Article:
3. While I like reading realistic fiction from time to time, I tend to avoid the angsty, teenagery genre. (With the exception of Katie McGarry) but this one actually seems kinda promising. The way you explained it, it sort of reminds me of 13 Reasons Why, where we learned more and more about the despicable deeds the other kids did through the course of the story. I had issues with that book, too, but the pacing was pretty good. I just might pick up this one, especially since you praise it! It's always nice to have others test it out before I read them. =P

    Lovely review!

    Brittany @

    1. It really is a bit like Thirteen Reasons Why, the atmosphere I mean because the characters were really different. It's a powerful read which more people should read. I really hope you'll end up loving this as much as I did.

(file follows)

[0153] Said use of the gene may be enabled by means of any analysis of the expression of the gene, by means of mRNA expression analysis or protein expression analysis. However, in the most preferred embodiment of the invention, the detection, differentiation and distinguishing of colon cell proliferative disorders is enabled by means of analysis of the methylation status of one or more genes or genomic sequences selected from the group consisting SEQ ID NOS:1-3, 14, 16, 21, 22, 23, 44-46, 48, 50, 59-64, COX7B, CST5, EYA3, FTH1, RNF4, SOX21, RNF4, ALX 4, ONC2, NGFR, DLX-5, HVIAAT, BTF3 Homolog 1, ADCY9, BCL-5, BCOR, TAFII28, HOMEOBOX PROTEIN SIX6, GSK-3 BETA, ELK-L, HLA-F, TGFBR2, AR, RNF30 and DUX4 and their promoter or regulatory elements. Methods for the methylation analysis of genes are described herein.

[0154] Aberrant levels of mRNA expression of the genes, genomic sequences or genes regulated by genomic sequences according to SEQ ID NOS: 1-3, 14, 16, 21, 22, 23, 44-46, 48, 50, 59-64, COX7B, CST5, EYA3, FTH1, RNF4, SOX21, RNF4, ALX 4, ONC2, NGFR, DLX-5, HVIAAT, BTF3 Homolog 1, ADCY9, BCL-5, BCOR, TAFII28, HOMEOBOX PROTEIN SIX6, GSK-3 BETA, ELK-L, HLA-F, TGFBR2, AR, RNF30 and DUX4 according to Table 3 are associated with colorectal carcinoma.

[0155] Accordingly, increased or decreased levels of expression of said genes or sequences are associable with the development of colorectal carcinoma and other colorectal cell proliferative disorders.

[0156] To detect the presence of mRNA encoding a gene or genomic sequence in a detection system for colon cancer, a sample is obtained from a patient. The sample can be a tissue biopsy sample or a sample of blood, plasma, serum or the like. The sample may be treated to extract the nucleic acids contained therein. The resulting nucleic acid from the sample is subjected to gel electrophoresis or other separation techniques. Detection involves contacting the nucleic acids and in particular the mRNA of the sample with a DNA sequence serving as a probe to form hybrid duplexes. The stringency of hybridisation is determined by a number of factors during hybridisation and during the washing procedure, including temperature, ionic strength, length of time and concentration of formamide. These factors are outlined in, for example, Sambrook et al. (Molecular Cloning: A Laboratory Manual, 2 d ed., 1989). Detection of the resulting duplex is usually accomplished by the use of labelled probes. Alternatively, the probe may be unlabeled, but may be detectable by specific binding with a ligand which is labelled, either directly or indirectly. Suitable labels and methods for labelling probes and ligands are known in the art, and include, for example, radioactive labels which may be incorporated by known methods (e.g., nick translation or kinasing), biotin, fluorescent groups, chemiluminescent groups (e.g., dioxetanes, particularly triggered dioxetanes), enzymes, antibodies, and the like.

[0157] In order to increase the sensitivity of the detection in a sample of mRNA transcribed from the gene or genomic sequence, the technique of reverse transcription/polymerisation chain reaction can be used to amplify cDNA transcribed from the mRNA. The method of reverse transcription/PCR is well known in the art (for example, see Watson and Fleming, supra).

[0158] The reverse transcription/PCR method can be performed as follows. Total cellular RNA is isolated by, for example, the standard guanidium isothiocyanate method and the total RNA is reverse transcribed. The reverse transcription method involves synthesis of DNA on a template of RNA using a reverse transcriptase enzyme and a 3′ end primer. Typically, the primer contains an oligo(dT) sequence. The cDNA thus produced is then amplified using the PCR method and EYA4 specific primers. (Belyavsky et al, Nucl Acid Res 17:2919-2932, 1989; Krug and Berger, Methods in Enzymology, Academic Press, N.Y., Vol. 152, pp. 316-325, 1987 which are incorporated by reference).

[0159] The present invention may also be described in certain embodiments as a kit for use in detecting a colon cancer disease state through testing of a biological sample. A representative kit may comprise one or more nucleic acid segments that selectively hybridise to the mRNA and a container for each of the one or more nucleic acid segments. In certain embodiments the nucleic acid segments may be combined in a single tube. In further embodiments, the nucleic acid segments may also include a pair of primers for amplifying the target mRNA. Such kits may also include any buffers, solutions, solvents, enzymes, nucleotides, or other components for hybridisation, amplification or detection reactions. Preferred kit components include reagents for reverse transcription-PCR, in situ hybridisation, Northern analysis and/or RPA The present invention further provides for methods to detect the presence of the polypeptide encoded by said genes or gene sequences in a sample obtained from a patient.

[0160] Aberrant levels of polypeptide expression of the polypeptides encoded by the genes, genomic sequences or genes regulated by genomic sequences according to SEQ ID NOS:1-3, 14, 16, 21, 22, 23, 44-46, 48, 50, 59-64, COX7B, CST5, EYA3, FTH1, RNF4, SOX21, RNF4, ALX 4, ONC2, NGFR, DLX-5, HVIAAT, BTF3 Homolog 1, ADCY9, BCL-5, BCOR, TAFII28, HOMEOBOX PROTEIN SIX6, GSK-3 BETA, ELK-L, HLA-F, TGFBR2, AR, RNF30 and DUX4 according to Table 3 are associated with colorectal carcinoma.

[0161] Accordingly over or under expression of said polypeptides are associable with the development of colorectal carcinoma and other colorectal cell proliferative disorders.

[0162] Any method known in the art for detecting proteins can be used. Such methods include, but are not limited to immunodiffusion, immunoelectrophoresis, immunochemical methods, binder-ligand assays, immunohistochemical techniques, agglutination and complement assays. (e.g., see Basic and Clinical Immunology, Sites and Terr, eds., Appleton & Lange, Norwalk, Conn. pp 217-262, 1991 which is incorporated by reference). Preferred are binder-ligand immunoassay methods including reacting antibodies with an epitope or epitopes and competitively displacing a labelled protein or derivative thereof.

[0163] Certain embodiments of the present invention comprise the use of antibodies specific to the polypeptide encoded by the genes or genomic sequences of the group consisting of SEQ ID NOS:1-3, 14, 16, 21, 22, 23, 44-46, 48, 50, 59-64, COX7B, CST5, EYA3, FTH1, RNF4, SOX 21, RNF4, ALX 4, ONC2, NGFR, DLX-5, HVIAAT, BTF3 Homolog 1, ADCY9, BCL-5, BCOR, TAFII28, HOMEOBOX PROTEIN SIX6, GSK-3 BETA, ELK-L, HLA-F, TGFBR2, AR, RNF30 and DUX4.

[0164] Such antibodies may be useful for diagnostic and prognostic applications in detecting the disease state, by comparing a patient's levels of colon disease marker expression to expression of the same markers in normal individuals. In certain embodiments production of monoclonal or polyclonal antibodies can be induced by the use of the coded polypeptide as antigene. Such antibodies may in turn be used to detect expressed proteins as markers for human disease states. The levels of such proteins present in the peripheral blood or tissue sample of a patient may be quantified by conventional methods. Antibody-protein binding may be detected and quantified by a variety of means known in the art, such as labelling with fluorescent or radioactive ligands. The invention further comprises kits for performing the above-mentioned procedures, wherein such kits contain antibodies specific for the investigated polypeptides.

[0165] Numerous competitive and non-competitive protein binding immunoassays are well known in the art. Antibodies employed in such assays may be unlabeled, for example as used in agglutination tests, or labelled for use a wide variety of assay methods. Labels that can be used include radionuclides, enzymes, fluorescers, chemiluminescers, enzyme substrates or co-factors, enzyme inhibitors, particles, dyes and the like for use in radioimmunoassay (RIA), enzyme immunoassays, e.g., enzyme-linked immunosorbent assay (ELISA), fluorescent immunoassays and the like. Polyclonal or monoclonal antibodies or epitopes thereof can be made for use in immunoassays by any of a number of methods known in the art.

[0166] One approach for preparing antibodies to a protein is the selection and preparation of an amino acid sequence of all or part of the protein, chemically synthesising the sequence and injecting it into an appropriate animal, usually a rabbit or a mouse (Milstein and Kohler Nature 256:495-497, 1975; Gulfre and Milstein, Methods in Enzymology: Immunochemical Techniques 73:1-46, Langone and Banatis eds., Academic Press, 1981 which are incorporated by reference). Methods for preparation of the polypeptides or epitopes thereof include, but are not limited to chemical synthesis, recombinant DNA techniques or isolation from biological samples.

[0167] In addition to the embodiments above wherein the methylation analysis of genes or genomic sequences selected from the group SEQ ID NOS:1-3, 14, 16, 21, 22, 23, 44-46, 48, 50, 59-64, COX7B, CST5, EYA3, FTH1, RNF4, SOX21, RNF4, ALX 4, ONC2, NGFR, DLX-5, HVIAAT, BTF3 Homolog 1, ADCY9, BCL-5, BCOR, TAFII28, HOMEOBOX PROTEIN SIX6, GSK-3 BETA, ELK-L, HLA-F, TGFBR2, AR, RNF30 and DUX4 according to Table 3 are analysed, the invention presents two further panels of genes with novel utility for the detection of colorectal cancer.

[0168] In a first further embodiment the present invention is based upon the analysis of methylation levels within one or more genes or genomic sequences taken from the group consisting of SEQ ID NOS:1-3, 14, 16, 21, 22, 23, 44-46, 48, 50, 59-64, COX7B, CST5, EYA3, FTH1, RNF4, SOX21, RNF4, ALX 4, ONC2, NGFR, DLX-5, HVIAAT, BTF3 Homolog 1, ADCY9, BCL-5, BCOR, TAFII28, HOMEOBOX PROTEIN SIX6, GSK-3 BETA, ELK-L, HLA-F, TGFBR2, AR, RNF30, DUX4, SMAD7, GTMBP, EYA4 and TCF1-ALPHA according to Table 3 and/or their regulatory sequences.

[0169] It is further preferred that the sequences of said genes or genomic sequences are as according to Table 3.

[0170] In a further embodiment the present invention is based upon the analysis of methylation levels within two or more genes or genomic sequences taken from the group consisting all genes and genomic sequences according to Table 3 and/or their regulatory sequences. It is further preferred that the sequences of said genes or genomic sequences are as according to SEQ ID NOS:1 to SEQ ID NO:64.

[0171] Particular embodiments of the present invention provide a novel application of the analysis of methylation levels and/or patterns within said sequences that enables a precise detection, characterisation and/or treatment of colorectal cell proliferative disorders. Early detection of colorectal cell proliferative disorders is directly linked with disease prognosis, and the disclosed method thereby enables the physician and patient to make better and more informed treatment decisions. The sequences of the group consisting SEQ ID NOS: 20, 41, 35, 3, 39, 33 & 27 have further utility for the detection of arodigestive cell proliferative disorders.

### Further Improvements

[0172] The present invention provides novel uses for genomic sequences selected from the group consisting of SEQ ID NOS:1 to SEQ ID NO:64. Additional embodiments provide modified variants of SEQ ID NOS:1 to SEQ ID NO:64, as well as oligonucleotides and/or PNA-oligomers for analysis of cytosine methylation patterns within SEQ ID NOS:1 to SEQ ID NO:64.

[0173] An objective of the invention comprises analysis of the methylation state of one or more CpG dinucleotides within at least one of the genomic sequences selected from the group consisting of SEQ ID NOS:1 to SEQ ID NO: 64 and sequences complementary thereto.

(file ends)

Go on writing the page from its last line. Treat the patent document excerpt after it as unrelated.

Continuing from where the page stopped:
4. THIS BOOK SEEMS INTERESTING! I've heard about this, but I never really knew what it's about. Awesome review! I really like the concept because I feel that a lot of high school students can relate to it, especially with the spreading of rumors and stuff. I'm a little doubtful with reading it (even if I STILL want to) because it seems like a sad story, and sad stories can sometimes affect me lol. Would you still recommend it? :)

    1. Thank you! :)
      I think it had some sad parts but I was never really sad while reading it because everything those guys said about Alice just made me so ANGRY. Anger and sadness didn't really go together so I'd say it's more of an angsty read even though some parts were sad. Yes, I totally recommend it, it's a really powerful and realistic story which should be read by many more people.